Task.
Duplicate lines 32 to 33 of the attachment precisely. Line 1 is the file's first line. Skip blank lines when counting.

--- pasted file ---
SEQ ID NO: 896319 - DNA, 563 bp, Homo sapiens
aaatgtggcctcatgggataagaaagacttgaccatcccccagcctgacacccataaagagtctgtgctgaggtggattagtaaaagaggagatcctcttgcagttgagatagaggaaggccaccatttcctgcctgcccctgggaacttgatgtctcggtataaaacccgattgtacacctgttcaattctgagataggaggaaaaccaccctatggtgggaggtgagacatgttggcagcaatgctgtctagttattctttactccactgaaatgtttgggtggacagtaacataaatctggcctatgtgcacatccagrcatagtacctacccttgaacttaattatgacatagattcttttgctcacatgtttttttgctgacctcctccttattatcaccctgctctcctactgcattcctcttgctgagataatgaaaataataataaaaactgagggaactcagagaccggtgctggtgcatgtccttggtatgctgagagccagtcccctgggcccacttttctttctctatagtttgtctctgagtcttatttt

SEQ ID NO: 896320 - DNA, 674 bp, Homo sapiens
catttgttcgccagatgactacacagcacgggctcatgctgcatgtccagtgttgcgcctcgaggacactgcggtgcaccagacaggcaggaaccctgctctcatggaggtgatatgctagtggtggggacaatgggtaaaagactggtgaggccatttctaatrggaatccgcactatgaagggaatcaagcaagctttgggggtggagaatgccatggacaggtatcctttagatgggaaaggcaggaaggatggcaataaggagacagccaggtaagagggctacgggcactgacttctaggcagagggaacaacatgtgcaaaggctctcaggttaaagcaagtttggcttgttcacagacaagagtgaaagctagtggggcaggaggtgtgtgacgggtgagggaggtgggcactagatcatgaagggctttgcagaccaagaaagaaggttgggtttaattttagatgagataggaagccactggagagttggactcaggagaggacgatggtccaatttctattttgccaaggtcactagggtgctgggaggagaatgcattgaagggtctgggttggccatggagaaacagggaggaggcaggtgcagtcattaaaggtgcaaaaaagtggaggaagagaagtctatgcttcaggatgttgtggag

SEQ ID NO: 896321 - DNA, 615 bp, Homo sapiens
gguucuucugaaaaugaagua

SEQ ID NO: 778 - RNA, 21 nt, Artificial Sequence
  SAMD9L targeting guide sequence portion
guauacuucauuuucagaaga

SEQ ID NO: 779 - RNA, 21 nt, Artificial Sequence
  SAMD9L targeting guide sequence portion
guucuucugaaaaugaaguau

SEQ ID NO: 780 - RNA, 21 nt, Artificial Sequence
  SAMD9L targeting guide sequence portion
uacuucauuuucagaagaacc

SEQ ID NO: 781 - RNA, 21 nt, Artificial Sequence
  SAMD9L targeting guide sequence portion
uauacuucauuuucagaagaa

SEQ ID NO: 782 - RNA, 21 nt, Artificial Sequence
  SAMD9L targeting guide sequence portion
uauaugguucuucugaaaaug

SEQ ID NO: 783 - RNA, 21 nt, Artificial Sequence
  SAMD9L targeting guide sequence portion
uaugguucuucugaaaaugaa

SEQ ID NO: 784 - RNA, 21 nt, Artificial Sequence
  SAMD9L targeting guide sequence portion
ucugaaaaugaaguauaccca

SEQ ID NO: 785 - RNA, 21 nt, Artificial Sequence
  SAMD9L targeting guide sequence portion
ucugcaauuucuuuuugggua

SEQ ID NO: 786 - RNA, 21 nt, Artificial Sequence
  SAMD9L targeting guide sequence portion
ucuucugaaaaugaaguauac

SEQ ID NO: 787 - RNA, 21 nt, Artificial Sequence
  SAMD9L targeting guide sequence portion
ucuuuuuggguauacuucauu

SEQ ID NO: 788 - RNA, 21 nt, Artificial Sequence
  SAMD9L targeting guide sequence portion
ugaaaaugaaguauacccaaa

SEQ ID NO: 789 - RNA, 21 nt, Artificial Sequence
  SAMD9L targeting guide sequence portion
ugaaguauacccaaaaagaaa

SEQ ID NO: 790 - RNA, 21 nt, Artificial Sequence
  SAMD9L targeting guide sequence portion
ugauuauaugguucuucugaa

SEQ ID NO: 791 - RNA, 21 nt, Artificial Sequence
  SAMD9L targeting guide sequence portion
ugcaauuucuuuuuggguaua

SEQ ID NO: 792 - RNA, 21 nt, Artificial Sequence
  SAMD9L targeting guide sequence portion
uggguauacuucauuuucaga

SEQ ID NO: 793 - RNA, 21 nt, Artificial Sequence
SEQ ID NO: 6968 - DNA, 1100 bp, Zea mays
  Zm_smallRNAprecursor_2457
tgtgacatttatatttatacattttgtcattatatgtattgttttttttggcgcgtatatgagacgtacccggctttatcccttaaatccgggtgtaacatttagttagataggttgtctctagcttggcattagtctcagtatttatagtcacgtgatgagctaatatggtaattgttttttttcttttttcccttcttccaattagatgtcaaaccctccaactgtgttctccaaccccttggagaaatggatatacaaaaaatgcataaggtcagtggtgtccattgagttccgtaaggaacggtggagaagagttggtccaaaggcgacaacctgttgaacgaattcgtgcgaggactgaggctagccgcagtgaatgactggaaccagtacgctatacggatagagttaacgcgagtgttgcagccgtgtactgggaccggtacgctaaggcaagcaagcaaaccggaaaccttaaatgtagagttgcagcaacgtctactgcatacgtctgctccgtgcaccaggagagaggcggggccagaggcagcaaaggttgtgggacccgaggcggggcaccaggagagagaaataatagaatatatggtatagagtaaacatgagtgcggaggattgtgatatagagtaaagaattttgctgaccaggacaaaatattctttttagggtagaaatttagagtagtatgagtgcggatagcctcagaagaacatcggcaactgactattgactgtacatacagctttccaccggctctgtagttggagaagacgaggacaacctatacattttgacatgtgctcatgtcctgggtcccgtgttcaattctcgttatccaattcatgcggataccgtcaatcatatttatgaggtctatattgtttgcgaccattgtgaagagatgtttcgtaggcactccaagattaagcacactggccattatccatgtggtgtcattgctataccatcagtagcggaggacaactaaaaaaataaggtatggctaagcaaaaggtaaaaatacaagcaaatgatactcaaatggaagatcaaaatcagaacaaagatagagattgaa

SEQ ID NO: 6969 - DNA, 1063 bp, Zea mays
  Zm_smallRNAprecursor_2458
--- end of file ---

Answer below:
  SAMD9L targeting guide sequence portion
ucuucugaaaaugaaguauac